Quick rebound projected for region

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A report drafted for the June Conference of Mayors predicted Pittsburgh would be among the first metropolitan regions to reemerge from the prolonged recession and would recover all 35k jobs lost in the last three years by 2012.

The report, assembled by IHS Global Insight, looked at the Gross Metropolitan Product form more than 300 metro areas, as well as employment trends, and made predictions on return to peak employment.

LukeRavenstahl
LUKE RAVENSTAHL

The bulk of the optimism regarding the local metro area rests on the fact that the Pittsburgh metro economy has diversified and is no longer based on manufacturing. As such, with medical, university and hi-tech sectors taking the place of the steel industry, Pittsburgh is in far better shape than Detroit which the report predicts will not regain its former strength for at least a decade.

The report, however, was issued prior to both the federal credit rating downgrade and the austerity budget passed in Harrisburg. Even so, Allegheny Conference on Community Development spokesman Bill Flanagan said, because of its diversity, the metro economy took an earlier, and smaller, hit from the recession and is rebounding sooner, as shown by three years of growth.

The Metro area recorded 3.5 percent growth in Gross Metropolitan Product, from nearly $82 billion in 2008 to 115.6 billion in 2010, ranking it 245 in the nation. Though modest, that output is higher than most metro areas.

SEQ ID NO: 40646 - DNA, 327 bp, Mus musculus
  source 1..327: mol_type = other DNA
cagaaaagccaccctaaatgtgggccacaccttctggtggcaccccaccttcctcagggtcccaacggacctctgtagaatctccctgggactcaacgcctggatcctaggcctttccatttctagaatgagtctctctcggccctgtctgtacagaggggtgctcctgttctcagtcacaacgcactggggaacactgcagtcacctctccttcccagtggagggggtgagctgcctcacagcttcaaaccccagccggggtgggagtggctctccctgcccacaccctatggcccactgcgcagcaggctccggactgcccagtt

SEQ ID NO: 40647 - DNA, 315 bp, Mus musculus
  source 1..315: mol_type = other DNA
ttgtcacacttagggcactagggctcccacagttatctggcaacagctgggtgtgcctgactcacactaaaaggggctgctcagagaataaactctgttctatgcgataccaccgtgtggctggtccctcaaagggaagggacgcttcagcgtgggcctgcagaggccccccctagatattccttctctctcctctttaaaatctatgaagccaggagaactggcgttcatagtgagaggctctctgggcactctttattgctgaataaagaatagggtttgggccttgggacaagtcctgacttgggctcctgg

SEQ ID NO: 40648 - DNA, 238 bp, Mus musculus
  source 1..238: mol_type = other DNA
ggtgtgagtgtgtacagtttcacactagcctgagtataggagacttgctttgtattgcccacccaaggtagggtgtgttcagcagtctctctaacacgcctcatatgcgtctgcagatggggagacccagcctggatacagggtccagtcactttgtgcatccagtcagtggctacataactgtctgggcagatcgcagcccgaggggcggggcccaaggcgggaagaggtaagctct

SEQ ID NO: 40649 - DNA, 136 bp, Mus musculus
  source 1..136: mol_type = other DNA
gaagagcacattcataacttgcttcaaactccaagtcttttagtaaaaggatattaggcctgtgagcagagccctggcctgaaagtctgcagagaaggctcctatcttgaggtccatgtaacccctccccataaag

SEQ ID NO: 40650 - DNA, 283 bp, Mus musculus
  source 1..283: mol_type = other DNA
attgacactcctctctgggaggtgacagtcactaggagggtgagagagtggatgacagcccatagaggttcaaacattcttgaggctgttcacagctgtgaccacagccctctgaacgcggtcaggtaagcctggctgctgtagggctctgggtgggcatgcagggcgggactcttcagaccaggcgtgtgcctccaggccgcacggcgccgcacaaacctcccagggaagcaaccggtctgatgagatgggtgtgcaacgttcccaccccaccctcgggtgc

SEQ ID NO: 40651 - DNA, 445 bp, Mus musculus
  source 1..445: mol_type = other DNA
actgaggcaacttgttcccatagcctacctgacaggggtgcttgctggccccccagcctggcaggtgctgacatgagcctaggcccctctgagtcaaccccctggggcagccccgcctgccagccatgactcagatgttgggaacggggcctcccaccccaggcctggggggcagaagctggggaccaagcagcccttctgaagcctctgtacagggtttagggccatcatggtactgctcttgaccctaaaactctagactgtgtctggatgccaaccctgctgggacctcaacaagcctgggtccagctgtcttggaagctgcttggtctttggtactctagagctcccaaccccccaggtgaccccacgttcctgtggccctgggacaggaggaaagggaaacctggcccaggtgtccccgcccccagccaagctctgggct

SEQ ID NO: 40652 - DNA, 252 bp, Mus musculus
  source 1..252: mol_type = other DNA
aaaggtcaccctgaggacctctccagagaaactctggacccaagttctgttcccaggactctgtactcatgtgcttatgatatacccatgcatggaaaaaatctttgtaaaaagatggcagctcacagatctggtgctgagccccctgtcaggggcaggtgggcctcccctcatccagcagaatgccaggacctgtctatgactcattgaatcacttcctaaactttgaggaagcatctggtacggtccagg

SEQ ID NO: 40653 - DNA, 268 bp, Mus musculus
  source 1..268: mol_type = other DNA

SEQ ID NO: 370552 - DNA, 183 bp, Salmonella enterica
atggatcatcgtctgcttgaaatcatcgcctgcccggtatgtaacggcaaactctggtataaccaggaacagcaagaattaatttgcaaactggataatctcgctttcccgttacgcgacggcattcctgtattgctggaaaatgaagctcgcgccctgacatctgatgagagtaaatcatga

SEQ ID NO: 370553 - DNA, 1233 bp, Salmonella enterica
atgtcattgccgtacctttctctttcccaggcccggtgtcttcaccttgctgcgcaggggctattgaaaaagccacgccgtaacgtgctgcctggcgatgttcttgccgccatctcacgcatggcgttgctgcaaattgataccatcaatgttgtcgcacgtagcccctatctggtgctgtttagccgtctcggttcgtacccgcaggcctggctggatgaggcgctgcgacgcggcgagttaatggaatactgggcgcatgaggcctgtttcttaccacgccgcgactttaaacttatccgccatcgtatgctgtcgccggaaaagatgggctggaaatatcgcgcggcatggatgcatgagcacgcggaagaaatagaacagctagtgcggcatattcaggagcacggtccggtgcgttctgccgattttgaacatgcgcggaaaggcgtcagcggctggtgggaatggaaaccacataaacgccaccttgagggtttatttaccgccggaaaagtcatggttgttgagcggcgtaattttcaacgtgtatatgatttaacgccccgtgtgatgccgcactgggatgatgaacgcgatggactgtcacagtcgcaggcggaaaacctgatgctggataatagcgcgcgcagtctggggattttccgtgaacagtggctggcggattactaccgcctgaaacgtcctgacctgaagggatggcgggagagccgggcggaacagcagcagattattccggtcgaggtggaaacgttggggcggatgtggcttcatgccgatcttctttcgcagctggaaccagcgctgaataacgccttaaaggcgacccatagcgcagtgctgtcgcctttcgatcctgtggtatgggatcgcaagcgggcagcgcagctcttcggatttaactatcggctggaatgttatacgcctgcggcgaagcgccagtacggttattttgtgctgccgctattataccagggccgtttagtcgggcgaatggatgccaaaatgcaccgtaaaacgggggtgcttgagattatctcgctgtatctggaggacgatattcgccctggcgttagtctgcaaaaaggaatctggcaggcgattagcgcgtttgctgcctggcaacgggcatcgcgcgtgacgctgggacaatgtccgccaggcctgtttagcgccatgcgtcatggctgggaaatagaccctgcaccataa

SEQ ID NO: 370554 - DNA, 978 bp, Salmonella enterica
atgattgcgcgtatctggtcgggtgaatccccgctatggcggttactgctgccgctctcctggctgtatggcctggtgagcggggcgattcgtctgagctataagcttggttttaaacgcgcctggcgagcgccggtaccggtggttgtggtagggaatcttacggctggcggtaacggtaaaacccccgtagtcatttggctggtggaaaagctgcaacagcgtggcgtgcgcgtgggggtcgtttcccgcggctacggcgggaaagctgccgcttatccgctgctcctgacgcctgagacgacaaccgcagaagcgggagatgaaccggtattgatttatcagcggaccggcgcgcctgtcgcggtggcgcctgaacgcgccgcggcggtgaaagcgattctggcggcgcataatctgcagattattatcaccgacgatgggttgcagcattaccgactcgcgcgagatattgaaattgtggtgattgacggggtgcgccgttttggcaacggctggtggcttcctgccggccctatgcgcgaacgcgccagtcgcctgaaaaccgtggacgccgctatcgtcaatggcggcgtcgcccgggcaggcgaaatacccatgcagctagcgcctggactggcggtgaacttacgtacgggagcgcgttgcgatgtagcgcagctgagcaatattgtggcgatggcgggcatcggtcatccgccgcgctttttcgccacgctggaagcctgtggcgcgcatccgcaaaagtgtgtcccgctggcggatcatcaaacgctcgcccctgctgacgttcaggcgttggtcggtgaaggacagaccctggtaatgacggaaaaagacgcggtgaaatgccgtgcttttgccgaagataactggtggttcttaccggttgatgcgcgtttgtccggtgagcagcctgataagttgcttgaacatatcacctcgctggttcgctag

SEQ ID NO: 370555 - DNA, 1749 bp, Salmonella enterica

“Pittsburgh didn’t experience the housing bubble that some areas did, and we’ve outperformed the national average for four years.” he said. “That projection was pretty accurate when they made it, but we can’t do anything about national economy. As of this moment, trends are still good.”

Flanagan noted there have been 272 business relocations or expansions in the region, making it 8th in the nation.

“And only 70 of those were energy related. We’re also seeing growth in materials sciences and chemicals,” he said. “So despite the federal and state cuts, for now, the trends are still positive.”

The employment projections—a return of 35,000 jobs by the end of next year—may be a bit rosy. As the Courier reported in December, there are an average 15,000 jobs listing published in local papers every month in the region.

“Unemployment is still lower than the national average, but there is an enormous disconnect between what employers are looking for and the skills available in the workforce,” said Flanagan. “They require some level of post-secondary training or education. This is an even larger issue in the Black community, where unemployment is higher.”

Another issue is where these new and expanding businesses are locating.

“They are all in a donut around Pittsburgh and the region’s urban areas,” he said. “And unfortunately, the largest pockets of chronic unemployment, and Black unemployment, are in the cities. Even if you want to be a roustabout on an oil rig, that takes a certain level of training.”

Mayor Luke Ravenstahl was pleased by the report’s projections, and said he is doing what he can to connect people with jobs.

“Every day we are working hard to make sure all residents benefit from Pittsburgh’s Third Renaissance,” he said. “New developments, such as East Liberty’s Target are hiring local residents in the Homewood, Larimer and East End neighborhoods and government is playing a key role in connecting people to jobs and jobs to people.”

Tamiko Stanley, the city’s equal opportunity officer, said a number of other initiatives including housing in the Hill District and East Liberty, and the Bakery Square project are designed to help African-Americans find employment.

“The mayor is including funds in the upcoming budget to ensure new projects and contracts are available with a concentrated effort to include minority service providers and contractors for projects that include Diversity training for City employees and Police Officers,” she said.

(Send comments to cmorrow@newpittsburghcourier.com)

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